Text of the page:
It was deep all right.  Thick and moist too.  Lacking groomed trails yet, I made my way up Seven Bridges Road.  For once, I considered the snowmobiles my friends, as they had packed down a nice trail right down the middle of the road.  It was far easier following their path than trying to break trail.

IMG_0574Although the wind howled overhead, the road was pretty well sheltered.  The trees were laden with snow, some bending way over under the heavy weight.  And the world was silent.  Progress was slow, and getting any glide from my skis was only a wish, but the early season novelty of the new fallen snow was ample compensation.

Continuing onto Skyline Drive and summiting at Hawk Ridge, I came into the full force of the wind.  It raged across the open viewing area and obliterated the snowmobile tracks.  Down below the city faded into greyness and Lake Superior was left to my imagination.  The only reality was the snow beneath my skis.

IMG_0572I hoped for some benefit from retracing my tracks on the return trip, but it was a futile wish.  If anything, the snow was softening and increasingly clumped up on the bottom of my skis.  It felt more like walking than skiing.  That’s when I coined a new phrase – ski-shoeing. Tramping through deep new snow being held up by long sticks instead of snowshoes.  At least I had the benefit of my ski poles.

It may not have been glorious skiing, but it was a start.  And it felt great to be outside in the snow.  Perhaps tomorrow I’ll dig out my snowshoes.

Thanksgiving Kindness

Like any family, as our kids have gown into young adults we have had to learn to share them. Particularly on the holidays. With our oldest married for five years, we are well versed in the trickiness of spreading their holiday time between multiple families, and have tried to allow them to make guilt-free decisions.

With one far-flung son out in Washington DC comes the added complexity of travel and extra vacation time required for these occasions. We fully understood when he chose to spend Thanksgiving with his long distance girlfriend, rather than making the trip home. But what came as a complete surprise was her family’s invitation to all of us to join them. Not just Rich and me, but the rest of our kids and grandkids as well. It was an act of sincere kindness that humbled and excited us. We happily accepted.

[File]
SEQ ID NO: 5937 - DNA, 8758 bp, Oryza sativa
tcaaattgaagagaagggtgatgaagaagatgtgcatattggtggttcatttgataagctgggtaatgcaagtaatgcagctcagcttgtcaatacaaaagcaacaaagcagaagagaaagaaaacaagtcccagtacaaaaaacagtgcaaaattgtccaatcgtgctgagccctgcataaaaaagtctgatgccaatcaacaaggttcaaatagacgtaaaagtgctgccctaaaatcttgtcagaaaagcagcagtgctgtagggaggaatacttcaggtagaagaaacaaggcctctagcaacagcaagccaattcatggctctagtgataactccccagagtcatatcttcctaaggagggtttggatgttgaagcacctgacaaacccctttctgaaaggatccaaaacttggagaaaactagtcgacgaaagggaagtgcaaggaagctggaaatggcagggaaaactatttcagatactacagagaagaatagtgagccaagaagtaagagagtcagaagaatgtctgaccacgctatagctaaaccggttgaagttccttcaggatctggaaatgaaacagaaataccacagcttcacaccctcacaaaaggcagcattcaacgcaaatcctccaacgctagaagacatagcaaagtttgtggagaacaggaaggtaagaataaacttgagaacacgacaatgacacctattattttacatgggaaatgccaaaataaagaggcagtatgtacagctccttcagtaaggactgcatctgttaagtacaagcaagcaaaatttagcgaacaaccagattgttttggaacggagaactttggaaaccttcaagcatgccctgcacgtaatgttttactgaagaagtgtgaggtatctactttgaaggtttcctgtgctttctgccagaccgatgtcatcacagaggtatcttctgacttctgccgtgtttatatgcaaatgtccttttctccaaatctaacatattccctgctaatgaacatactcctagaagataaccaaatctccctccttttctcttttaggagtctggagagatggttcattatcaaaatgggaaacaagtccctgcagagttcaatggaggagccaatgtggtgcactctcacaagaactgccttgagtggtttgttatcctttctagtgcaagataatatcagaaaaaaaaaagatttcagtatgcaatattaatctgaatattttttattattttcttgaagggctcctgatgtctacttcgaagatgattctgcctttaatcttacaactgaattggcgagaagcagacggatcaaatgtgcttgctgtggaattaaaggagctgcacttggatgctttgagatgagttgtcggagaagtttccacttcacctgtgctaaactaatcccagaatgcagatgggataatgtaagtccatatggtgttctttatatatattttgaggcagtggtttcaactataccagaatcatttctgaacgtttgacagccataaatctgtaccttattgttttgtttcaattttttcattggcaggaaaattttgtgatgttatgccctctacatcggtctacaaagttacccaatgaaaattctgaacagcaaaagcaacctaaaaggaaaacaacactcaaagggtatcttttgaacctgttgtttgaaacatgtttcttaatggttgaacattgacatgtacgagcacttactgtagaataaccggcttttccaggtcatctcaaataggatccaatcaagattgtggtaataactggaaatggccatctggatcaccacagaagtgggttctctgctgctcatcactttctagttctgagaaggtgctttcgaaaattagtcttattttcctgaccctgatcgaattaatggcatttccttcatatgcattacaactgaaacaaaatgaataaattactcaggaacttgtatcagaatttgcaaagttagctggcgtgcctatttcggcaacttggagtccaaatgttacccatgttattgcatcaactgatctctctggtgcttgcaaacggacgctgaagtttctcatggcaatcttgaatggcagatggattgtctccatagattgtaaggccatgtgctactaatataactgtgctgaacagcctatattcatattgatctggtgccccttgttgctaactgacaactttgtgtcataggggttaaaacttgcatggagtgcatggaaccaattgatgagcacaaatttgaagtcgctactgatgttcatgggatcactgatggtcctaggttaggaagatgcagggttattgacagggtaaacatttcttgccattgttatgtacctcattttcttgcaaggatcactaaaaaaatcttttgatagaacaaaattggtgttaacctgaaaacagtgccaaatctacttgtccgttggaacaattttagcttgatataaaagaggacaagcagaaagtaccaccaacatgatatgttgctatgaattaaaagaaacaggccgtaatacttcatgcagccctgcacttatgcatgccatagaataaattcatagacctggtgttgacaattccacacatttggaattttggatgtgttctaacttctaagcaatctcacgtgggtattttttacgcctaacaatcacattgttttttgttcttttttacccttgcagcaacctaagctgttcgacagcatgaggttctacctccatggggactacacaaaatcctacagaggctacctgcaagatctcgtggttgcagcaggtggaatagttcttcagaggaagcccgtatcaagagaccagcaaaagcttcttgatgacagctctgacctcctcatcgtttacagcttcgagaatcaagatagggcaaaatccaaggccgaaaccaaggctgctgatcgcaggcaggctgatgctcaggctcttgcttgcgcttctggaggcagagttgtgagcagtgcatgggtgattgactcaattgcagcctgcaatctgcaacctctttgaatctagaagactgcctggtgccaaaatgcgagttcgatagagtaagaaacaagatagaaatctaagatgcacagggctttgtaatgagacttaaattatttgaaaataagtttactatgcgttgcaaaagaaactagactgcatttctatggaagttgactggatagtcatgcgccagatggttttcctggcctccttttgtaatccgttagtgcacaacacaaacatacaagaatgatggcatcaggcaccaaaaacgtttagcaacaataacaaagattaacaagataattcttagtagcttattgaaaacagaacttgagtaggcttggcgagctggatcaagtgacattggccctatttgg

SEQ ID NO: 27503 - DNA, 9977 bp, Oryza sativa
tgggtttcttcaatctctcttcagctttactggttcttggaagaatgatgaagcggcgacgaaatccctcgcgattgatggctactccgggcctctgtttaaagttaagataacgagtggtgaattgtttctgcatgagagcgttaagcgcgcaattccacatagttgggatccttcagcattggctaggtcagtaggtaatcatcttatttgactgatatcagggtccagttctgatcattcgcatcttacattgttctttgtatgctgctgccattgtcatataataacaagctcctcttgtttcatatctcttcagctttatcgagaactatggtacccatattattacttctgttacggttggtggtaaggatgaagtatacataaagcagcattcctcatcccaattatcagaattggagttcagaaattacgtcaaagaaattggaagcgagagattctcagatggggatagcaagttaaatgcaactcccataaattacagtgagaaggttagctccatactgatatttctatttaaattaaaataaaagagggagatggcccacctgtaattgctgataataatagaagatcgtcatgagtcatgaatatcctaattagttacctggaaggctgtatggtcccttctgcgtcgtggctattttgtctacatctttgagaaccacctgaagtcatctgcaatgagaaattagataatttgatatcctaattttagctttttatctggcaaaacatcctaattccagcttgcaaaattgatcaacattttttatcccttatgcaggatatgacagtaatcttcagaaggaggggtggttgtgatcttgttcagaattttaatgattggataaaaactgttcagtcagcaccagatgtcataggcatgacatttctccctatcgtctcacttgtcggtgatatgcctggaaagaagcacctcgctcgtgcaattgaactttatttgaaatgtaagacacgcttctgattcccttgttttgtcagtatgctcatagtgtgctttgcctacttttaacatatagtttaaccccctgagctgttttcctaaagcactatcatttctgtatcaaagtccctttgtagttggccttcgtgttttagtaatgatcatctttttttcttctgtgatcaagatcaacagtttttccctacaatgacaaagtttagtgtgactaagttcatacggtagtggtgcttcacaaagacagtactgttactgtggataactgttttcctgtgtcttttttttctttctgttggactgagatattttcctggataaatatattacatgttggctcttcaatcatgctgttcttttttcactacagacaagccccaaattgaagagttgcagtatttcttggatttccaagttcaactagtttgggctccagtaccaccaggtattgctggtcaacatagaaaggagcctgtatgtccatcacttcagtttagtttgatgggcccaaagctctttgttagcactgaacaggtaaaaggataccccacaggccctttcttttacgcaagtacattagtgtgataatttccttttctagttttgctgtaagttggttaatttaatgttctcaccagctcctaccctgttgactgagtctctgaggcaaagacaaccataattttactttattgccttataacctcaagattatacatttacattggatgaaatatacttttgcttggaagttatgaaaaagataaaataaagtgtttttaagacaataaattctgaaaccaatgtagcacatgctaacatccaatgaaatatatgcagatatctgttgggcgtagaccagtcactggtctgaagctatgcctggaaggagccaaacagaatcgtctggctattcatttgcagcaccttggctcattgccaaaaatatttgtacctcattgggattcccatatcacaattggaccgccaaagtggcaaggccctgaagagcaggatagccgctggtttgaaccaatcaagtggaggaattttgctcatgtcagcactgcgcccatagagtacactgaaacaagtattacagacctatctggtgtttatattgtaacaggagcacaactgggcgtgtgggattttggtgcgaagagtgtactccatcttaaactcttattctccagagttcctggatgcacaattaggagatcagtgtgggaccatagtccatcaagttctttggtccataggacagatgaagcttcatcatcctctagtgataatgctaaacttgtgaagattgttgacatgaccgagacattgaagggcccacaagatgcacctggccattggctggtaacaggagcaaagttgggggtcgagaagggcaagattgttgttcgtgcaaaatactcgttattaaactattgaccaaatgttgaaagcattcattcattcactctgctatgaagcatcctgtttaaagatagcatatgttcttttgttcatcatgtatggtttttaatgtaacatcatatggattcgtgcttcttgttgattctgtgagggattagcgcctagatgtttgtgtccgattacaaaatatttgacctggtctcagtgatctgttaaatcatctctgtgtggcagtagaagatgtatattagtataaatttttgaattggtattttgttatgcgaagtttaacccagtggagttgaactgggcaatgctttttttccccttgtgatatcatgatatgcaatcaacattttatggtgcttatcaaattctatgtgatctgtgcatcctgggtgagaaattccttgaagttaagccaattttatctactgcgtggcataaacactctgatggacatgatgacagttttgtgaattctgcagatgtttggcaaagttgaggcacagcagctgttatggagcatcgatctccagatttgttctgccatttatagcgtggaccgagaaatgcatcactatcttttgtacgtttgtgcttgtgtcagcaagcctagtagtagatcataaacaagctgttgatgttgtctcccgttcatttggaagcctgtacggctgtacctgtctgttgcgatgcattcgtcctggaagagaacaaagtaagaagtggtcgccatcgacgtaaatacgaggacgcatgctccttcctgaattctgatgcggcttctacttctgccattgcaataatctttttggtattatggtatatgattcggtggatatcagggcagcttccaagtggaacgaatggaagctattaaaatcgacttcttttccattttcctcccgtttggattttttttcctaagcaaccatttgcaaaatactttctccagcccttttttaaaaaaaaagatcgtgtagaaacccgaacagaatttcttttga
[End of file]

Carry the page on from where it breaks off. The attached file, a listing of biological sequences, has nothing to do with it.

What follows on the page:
Joining forces with as-yet-unknown-friends proved to be seamless and heartwarming. I maintain that it’s not all coincidence. Carl undoubtedly is drawn to a young woman brought up with similar family values. Enveloped by their warm hospitality, we felt right at home and enjoyed sharing many common experiences, not to mention a wonderful multi-generational Thanksgiving dinner.

As if that wasn’t enough, their generousity enabled us to stay for on an additional day to stretch our scarce time with our son. Many games were played, football games watched, Christmas lights installed (with the help of a tractor – we were in Iowa, after all), walks taken and stories told over more meals shared around the table.

wpid-Photo-Nov-29-2013-1154-AM.jpgwpid-Photo-Nov-29-2013-252-PM.jpgThis Thanksgiving gave us many new reasons to be thankful. For wonderful new friends. For sharing the strength of family. For gathering together from far and wide. For those reaching out with acts of kindness. And for Carl and Chelsea, for being the reason it happened.